Becky St. Clair

Since 2007, Carol and Roger Meharry have been packing every winter and heading south from their home in Idaho to the warm desert sands of Quartzsite, Arizona. They are part of a growing number of “snowbirds”: Retirees living in northern regions who migrate to warmer climates for the colder months. Popular destinations include Florida, Texas, California, and—as is evidenced by the Meharrys’ long-time migration pattern—Arizona.

However, wintering in Quartzsite is not all sunshine and cactus flowers.

“We really missed church on Sabbaths,” Carol says.

The only two nearby Adventist churches were over 30 miles away; one was across the state line in a different time zone. The Meharrys began talking with other snowbirds about their predicament. They discovered that others felt similarly—they wanted the weekly church fellowship but didn’t want to drive so far or deal with changing time zones every week, so most were simply staying home.

“God said if two or three are gathered together, he would be with them,” Carol says. “So we asked some friends of ours if they would help us hold church in our trailer house. They agreed, so we began the following Sabbath with seven of us attending.”

As news of the weekly gathering grew, so did the number of attendees. Eventually, they outgrew the house, and the group—as large as 20 on some weeks—moved into a sizable garage next door.

In the midst of their growth, the group realized their mutual passion for missions. For the Meharrys, it began in 2005 in India on a mission trip with Maranatha Volunteers International.

“It was amazing to watch the people realize that there is a God in Heaven who loves them and takes care of them. It changed their lives,” Carol recalls.

Carol admits it wasn’t just the locals who were affected.

“I left my heart in India,” she says with a catch in her voice. She and Roger returned twice.

Their Maranatha experience left the Meharrys forever dedicated to missions. The Sabbath group was the perfect opportunity to put that passion into action.

As they are not an official group, gathering only seasonally, the Quartzsite group collects no offering. However, with the suggestion to take up offerings to help build churches, schools, and, more recently, wells through Maranatha, the group readily began a weekly collection.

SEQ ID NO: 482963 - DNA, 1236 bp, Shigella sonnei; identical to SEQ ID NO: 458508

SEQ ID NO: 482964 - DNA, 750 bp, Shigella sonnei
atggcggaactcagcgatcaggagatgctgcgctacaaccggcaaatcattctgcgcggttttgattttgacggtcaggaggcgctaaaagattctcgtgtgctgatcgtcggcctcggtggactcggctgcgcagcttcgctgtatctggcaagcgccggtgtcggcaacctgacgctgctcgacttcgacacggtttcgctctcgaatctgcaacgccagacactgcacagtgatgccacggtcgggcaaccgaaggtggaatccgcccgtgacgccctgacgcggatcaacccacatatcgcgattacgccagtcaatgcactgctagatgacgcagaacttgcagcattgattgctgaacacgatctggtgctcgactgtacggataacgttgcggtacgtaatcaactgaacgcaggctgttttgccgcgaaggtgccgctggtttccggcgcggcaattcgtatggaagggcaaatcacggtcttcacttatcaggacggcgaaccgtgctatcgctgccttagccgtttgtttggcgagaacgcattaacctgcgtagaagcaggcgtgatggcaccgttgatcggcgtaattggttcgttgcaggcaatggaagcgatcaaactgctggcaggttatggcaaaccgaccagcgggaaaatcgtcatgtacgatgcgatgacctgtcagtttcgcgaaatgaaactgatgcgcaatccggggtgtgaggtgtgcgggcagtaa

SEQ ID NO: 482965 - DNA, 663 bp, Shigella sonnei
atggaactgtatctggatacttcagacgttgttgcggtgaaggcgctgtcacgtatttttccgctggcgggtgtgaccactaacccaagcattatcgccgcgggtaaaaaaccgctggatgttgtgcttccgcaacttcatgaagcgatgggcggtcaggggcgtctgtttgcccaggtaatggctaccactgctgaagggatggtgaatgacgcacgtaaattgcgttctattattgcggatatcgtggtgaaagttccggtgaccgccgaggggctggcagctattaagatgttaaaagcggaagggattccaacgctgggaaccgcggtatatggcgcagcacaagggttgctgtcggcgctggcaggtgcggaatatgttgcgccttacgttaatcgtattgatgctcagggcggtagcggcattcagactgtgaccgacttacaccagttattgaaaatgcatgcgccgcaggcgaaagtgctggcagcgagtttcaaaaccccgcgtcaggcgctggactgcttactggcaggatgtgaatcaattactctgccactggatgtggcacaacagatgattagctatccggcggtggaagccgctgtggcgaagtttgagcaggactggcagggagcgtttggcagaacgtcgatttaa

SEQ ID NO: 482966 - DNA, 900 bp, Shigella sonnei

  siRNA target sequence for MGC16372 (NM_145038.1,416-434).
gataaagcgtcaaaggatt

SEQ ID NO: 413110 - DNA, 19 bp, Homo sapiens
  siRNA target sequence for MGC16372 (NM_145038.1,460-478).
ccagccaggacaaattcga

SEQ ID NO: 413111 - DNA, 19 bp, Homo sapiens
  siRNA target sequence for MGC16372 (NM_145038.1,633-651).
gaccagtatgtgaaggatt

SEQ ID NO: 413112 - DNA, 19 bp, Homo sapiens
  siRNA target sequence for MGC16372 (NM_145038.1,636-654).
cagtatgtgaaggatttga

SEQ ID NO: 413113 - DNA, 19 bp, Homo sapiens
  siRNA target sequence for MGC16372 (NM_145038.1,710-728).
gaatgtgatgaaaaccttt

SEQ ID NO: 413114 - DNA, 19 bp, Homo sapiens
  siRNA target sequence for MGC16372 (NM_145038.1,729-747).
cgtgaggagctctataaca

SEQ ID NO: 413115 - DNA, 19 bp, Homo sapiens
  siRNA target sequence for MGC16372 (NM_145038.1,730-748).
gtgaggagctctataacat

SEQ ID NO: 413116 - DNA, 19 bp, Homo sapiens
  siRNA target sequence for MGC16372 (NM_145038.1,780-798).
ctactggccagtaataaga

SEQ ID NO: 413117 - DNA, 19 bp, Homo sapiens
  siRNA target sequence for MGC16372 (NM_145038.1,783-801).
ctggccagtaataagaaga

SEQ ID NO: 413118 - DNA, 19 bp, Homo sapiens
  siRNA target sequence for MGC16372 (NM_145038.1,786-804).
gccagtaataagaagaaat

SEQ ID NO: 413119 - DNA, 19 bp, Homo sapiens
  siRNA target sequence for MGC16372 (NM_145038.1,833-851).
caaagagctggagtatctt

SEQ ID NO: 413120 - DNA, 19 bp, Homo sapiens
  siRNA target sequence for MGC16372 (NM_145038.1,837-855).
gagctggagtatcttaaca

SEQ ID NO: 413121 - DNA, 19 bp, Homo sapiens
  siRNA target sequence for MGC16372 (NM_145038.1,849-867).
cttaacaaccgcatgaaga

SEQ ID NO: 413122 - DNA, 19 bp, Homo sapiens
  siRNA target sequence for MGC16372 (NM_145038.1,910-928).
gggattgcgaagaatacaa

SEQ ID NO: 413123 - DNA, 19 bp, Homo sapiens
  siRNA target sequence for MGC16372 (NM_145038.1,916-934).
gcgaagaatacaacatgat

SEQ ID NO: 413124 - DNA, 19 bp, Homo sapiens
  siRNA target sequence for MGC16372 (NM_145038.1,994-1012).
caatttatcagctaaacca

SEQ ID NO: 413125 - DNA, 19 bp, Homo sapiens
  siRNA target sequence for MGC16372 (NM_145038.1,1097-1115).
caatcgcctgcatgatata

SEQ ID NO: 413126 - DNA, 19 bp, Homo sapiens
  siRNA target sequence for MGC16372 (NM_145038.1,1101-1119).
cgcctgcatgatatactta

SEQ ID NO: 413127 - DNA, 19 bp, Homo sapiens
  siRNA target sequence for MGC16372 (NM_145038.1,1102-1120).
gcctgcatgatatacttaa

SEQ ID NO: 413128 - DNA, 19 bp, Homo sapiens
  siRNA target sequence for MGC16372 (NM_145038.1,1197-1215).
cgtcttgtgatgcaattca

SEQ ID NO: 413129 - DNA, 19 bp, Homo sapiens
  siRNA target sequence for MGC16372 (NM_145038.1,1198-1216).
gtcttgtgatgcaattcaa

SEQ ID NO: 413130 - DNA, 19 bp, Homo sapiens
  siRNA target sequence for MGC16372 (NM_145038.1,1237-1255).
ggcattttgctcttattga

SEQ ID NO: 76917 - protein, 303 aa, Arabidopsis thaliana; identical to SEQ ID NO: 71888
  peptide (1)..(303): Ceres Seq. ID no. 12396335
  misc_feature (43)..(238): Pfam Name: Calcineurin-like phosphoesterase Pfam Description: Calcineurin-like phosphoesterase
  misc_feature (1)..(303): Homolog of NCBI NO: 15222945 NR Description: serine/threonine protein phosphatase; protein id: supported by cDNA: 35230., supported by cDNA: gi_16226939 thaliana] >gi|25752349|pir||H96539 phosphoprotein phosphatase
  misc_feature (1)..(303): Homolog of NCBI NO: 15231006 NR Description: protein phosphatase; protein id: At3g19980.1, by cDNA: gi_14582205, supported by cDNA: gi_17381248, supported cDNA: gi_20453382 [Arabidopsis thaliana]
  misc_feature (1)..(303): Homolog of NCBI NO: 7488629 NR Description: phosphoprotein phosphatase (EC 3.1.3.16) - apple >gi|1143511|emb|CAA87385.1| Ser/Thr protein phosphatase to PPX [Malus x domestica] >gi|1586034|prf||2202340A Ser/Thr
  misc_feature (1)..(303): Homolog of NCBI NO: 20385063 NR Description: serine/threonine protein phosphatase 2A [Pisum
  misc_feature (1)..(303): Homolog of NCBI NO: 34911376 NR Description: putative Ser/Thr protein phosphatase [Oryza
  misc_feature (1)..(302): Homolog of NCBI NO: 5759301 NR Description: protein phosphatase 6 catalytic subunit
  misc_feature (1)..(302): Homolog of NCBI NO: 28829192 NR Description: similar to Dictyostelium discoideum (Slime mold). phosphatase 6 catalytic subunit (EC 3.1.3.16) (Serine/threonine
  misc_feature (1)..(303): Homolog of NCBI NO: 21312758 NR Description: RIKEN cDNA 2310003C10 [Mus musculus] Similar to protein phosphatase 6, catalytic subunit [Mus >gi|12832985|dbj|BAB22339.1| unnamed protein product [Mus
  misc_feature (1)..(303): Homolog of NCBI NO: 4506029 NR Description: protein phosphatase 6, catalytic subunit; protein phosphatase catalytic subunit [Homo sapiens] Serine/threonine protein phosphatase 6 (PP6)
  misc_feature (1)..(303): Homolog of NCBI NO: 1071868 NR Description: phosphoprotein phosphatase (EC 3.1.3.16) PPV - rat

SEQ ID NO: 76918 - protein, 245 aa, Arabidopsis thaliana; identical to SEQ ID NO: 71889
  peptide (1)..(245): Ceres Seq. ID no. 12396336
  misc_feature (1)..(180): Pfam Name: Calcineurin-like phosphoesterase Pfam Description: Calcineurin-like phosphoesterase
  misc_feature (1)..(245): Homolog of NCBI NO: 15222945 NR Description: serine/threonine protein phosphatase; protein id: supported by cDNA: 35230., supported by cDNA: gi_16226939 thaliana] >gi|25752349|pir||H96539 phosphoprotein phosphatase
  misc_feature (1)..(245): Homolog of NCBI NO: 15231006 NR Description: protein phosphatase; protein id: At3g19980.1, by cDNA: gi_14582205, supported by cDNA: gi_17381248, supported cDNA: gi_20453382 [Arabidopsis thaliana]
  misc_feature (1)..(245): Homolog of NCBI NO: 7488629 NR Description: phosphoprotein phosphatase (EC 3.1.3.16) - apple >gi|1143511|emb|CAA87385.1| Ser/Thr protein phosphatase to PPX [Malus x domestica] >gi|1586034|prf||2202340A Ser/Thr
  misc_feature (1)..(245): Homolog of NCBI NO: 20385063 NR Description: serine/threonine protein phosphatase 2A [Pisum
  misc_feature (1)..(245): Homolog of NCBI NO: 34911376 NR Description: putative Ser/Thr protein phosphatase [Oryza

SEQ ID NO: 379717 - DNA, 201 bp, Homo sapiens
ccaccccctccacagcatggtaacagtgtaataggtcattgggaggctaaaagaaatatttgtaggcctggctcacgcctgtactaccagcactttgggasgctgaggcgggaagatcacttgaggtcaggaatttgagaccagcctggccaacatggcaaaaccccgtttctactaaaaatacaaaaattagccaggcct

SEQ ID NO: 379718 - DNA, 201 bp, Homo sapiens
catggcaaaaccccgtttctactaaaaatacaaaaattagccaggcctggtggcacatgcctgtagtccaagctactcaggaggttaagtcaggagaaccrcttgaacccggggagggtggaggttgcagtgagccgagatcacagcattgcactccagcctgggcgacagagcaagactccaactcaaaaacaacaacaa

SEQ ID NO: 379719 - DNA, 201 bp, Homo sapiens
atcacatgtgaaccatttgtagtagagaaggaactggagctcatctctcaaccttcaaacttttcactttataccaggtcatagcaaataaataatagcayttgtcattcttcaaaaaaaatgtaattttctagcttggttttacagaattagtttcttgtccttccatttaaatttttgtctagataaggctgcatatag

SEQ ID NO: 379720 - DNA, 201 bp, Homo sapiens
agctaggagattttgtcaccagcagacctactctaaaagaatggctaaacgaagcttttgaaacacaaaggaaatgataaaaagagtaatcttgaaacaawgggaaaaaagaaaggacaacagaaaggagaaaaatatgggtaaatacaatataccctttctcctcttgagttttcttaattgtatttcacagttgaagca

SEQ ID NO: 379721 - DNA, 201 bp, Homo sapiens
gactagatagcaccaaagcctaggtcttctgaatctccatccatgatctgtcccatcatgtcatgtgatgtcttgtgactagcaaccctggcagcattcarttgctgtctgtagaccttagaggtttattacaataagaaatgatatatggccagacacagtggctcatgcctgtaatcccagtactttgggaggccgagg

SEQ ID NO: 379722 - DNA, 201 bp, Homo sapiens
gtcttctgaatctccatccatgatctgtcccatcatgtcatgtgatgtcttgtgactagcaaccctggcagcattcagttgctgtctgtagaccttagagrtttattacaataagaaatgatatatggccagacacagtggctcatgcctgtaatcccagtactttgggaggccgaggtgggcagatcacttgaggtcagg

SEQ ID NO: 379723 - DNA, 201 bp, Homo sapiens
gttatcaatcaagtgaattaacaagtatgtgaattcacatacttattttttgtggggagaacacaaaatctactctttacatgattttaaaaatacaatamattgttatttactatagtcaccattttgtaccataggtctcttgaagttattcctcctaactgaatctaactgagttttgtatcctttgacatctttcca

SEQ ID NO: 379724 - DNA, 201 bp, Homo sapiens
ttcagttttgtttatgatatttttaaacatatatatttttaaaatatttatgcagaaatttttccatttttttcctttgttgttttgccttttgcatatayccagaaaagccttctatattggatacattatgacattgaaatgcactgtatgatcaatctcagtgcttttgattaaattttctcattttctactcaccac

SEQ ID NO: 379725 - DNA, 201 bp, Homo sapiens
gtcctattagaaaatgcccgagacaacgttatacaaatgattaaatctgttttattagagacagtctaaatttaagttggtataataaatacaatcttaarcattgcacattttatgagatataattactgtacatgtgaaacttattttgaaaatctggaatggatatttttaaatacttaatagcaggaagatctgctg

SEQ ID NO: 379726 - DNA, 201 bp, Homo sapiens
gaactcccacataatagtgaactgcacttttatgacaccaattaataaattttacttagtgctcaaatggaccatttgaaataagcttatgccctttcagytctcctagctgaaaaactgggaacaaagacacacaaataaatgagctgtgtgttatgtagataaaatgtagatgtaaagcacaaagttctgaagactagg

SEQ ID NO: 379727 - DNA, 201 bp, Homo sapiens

“We’d choose a project based on the amount we collected,” Carol explains. “The first winter we collected around $1,500—enough to sponsor a One-Day Church.”

When the group’s donation had been translated into the church, Maranatha sent them a picture of the structure.

“I framed it and hung it on the wall,” says Carol. “That picture inspired us. We realized we could do mission work from where we were.”

Each year, the amount collected increased. This was not only due to excitement, but also an increase in attendees. The group of 20 that had moved into the garage was now regularly twice that number. When the gem and mineral show came to town, the group swelled to 65.

“People hear about us and find us,” Carol says. “We meet so many wonderful people through our little group.”

A pair of snowbirds, one who wintered in Quartzsite, met on a Maranatha mission trip to South America. Their friendship flourished, and in 2017 they were married. They now spend their winters together in Quartzsite.

“They went on a Maranatha trip to Africa for their honeymoon,” says Carol. “When they came that winter, they saw the picture of the One-Day Church we’d sponsored and realized they’d visited that exact site.”

Group drop-ins have become common. Snowbirds will time their drives through Quartzsite to coincide with Sabbath so they can spend the day worshiping and fellowshipping with the group there. The group provides lunch every week so visitors have a place to eat and fellowship.

“We’ve had visitors return just to make a donation,” says Carol. “The zeal for supporting Maranatha is contagious.”

During winter 2017, the Quartzsite group raised enough to sponsor three wells, three churches, and two schools, in addition to sponsoring a child in India through school for a year.

Regular members of the group come from places across North America, including Alaska and Eastern Canada, and though they have home churches, they all remain deeply committed to supporting Maranatha during the winter months in Quartzsite.

“We almost hate to go home at the end of the season,” says Carol with a smile. “There’s such a bond between us.”

Today, the Quartzsite garage wall is covered in framed photos of the projects the group has sponsored over the years.

“We’ll have to start on a different wall next year,” Carol says with a laugh.

What a difference has been made, thanks to the generosity and love of a few dozen snowbirds gathered in the middle of the desert, bonded through faith and service.

“I always thought to be a missionary you needed to go to some foreign country,” Carol admits. “But I’ve come to understand that there are other ways to support the work, and that’s being a missionary, too.”

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